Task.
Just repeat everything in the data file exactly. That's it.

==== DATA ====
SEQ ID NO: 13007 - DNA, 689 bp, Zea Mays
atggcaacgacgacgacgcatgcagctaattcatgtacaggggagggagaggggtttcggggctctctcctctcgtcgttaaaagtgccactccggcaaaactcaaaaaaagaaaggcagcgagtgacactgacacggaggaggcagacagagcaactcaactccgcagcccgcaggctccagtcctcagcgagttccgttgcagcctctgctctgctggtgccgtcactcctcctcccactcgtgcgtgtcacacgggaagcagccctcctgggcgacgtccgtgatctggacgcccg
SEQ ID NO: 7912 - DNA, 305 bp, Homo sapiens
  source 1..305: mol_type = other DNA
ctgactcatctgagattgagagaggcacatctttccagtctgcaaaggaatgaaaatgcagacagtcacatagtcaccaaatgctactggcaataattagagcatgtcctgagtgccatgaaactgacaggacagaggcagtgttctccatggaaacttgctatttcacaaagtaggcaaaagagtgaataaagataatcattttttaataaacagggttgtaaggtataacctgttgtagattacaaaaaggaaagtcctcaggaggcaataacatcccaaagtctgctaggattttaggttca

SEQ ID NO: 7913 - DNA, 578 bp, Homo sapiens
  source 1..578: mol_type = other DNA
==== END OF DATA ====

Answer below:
SEQ ID NO: 13007 - DNA, 689 bp, Zea Mays
atggcaacgacgacgacgcatgcagctaattcatgtacaggggagggagaggggtttcggggctctctcctctcgtcgttaaaagtgccactccggcaaaactcaaaaaaagaaaggcagcgagtgacactgacacggaggaggcagacagagcaactcaactccgcagcccgcaggctccagtcctcagcgagttccgttgcagcctctgctctgctggtgccgtcactcctcctcccactcgtgcgtgtcacacgggaagcagccctcctgggcgacgtccgtgatctggacgcccg
SEQ ID NO: 7912 - DNA, 305 bp, Homo sapiens
  source 1..305: mol_type = other DNA
ctgactcatctgagattgagagaggcacatctttccagtctgcaaaggaatgaaaatgcagacagtcacatagtcaccaaatgctactggcaataattagagcatgtcctgagtgccatgaaactgacaggacagaggcagtgttctccatggaaacttgctatttcacaaagtaggcaaaagagtgaataaagataatcattttttaataaacagggttgtaaggtataacctgttgtagattacaaaaaggaaagtcctcaggaggcaataacatcccaaagtctgctaggattttaggttca

SEQ ID NO: 7913 - DNA, 578 bp, Homo sapiens
  source 1..578: mol_type = other DNA